Stephen Barile

Ghosts of Tulare Lake

Desert Landscape by George Copeland Ault

a hot black street in Corcoran

the skyline: 12 grain silos ten-stories high

empty-handed, dusty town

vacant lots and weed fields

telephone poles with broken wire

vacant store-fronts, a Mexican bakery

a clothing store selling work-wear

empty caverns, each one.

The ditch-company office stays open
behind venetian blinds in afternoon heat

and the clock stopped at the Super Mercado.
The road west, Whitley Avenue

–to the ancient lakebed,
a flat expanse of tilled soil

the outline of silos and barns
against a vague horizon,
of long wide canals and large dikes
that hold back the Kings River–

in a  place where ghosts reside
among other ghosts in ghostly pale

tule reeds, fog, and clear waters,
a freshwater lake fringed
in mosquito swamp and alkali flat

brown parts, shimmering blue in others,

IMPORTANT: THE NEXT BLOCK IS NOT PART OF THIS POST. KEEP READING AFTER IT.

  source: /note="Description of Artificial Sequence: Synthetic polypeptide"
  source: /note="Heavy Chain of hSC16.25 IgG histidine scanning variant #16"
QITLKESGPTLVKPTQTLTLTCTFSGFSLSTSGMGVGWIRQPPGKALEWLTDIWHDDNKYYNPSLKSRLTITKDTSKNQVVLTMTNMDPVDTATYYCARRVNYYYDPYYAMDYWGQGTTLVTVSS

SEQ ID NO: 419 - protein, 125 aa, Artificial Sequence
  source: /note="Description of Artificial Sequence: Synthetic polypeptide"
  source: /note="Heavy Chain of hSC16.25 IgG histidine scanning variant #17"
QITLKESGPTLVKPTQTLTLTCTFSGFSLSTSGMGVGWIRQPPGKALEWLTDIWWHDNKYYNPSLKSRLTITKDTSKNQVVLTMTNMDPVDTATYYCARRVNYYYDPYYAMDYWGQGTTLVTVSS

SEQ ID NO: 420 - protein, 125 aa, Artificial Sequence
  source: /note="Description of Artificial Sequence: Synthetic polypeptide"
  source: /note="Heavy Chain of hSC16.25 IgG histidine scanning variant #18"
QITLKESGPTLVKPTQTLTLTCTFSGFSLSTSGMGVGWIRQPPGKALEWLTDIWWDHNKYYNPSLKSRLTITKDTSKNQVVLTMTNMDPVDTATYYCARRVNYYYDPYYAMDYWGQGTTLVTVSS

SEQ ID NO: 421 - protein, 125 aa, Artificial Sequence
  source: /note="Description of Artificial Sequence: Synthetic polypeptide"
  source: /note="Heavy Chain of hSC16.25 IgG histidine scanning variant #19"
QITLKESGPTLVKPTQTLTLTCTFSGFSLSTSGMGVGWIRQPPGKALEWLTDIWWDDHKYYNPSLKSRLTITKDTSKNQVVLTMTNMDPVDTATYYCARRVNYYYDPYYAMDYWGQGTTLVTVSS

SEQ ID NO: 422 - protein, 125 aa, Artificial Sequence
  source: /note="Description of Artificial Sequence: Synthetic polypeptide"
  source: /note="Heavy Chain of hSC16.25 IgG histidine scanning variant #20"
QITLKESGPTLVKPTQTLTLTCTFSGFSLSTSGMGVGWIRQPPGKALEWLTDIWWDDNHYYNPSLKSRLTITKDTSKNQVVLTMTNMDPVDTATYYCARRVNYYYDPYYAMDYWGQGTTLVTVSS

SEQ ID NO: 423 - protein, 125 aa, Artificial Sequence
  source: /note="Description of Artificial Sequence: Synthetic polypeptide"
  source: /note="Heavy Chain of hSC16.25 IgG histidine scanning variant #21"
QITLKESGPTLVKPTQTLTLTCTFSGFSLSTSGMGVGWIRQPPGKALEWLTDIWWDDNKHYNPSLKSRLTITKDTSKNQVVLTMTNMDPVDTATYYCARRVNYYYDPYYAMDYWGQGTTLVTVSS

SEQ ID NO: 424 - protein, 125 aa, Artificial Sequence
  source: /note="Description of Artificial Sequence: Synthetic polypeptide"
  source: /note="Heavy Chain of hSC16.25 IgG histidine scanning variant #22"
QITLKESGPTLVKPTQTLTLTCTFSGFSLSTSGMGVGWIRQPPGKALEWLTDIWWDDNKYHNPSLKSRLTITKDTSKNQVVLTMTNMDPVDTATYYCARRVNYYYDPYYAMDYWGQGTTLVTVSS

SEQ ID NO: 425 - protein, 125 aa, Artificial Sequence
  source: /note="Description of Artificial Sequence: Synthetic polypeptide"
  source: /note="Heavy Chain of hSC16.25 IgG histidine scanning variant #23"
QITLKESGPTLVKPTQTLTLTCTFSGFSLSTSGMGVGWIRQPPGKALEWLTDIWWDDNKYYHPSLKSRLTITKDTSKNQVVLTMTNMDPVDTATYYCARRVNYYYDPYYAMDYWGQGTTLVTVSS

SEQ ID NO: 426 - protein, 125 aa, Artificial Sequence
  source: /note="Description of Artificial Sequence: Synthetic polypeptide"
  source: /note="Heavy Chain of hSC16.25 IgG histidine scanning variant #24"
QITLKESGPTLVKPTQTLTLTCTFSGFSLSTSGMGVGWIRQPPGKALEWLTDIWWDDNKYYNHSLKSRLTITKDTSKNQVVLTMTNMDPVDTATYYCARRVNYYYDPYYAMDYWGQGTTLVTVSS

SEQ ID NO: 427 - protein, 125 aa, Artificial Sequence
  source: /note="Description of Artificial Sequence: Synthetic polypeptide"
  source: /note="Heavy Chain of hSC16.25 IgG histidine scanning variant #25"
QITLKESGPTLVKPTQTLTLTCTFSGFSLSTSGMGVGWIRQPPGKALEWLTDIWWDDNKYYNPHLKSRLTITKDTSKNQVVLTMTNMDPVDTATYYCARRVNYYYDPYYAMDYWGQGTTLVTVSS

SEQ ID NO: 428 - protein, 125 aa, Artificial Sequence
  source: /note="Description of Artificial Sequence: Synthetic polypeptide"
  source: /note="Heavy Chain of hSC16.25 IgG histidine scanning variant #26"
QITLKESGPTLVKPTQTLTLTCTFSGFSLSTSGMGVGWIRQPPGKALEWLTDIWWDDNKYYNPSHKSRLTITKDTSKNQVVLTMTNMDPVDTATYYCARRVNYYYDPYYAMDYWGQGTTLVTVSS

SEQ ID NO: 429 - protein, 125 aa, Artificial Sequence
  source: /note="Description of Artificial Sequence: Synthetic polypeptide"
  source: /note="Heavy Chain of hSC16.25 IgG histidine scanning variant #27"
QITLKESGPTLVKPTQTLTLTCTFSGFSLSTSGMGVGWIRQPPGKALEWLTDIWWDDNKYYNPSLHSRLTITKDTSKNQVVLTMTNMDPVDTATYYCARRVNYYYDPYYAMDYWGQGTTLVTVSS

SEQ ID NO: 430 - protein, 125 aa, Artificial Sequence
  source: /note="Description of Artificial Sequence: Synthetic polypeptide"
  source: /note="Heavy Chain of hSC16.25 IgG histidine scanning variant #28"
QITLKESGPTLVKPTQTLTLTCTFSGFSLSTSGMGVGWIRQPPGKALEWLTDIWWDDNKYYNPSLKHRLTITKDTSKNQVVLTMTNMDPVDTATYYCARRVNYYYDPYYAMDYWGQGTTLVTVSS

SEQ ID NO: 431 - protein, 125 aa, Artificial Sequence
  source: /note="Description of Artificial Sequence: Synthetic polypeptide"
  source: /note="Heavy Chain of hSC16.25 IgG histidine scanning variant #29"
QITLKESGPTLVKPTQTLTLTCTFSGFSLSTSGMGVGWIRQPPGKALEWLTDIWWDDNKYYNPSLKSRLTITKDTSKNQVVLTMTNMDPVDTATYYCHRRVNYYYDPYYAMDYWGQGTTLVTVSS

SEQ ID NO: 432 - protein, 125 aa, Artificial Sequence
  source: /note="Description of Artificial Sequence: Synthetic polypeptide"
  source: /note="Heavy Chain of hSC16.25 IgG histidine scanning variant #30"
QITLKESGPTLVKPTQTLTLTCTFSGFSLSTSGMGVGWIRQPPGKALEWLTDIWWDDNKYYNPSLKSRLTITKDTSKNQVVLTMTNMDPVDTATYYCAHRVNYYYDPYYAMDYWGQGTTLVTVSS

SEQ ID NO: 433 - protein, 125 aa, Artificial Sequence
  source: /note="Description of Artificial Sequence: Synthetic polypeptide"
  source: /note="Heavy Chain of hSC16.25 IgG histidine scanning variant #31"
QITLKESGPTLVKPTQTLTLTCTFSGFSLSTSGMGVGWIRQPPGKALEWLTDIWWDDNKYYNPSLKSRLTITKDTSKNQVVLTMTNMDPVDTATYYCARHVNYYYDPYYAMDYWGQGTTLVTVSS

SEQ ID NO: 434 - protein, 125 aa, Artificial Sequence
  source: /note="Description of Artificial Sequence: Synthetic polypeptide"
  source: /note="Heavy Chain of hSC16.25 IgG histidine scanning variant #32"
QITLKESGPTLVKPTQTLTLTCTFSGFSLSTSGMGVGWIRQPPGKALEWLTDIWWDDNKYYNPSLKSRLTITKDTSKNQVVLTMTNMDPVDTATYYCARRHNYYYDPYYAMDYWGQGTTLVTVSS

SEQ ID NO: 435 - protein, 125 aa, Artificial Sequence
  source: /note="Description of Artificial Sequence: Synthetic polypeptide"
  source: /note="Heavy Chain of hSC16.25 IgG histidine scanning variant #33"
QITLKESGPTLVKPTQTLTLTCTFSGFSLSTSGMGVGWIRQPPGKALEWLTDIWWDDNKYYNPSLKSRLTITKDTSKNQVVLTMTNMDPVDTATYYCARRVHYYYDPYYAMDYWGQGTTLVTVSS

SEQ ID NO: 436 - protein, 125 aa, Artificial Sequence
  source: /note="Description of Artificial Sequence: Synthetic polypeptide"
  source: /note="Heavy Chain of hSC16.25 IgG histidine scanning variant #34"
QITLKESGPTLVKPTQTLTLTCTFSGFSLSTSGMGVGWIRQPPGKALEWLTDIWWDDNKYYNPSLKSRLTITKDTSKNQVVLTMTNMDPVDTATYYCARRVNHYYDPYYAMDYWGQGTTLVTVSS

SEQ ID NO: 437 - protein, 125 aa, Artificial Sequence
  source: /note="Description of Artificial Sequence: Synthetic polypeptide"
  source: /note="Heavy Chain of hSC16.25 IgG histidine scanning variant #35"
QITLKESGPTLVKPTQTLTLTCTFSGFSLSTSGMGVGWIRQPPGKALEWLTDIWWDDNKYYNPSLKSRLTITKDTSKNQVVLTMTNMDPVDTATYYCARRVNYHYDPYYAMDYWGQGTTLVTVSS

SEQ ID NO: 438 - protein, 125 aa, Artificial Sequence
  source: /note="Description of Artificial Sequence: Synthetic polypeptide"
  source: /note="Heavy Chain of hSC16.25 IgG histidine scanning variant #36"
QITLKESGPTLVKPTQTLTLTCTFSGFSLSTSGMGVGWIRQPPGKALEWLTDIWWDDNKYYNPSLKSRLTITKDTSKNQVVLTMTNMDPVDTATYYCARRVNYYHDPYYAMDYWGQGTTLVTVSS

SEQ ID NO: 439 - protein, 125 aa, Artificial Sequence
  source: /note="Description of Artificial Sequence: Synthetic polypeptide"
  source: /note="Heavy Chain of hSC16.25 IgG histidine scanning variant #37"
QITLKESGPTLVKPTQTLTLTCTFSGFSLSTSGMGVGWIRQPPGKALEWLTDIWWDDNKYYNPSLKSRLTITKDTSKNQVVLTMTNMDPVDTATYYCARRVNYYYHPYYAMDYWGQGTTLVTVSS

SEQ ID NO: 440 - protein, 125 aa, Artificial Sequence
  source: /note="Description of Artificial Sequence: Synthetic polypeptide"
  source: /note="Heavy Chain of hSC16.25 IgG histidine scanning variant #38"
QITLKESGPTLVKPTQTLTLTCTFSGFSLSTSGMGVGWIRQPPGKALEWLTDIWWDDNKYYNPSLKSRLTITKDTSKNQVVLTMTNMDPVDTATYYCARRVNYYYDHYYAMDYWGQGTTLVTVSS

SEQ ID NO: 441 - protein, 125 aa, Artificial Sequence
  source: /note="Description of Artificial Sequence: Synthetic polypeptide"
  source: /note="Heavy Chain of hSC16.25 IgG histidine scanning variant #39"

so wide there appears to be no end
but the backdrop of coastal mountains

that curb the western shore,
the waterfowl, and migratory birds
in numbers that obliterate the sun.

The first-people, their demise;
Tache medicine-man and rainmaker
in retaliation, raises spirits

a swirling water-spout
across a white-capped lake,
heavy winds of the shallow inland sea.

With magic stones and milkweed strings
tied to tail-feathers of red-tailed hawks;
The creator animals, the coyote and bear;
birds, the eagle, swiftly-swooping falcon
the condor, and the owl;

The ghost of a drunken farmer,
headlights of his Cadillac in a ditch underwater
south of the El Rico Levee;

The ghosts of D-7 Caterpillar-tractor
crawling, armed with wheel-scrappers

and multi-shanked rippers,
to supplant the Euclid TC-12 ghost in the machine,

suck irrigation water from mighty canals,
keep the once-pristine lakebed dry,
make the tributaries run backward.


About the writer:
Stephen Barile lives in Fresno California. He is a long-time member of the Fresno Poet’s Association. Barile’s poems have been published extensively in several print and online publications.

Image: Desert Landscape by George Copeland Ault (1891-1948). Oil on canvas. 71.5 x 46 cm. 1941. Public domain.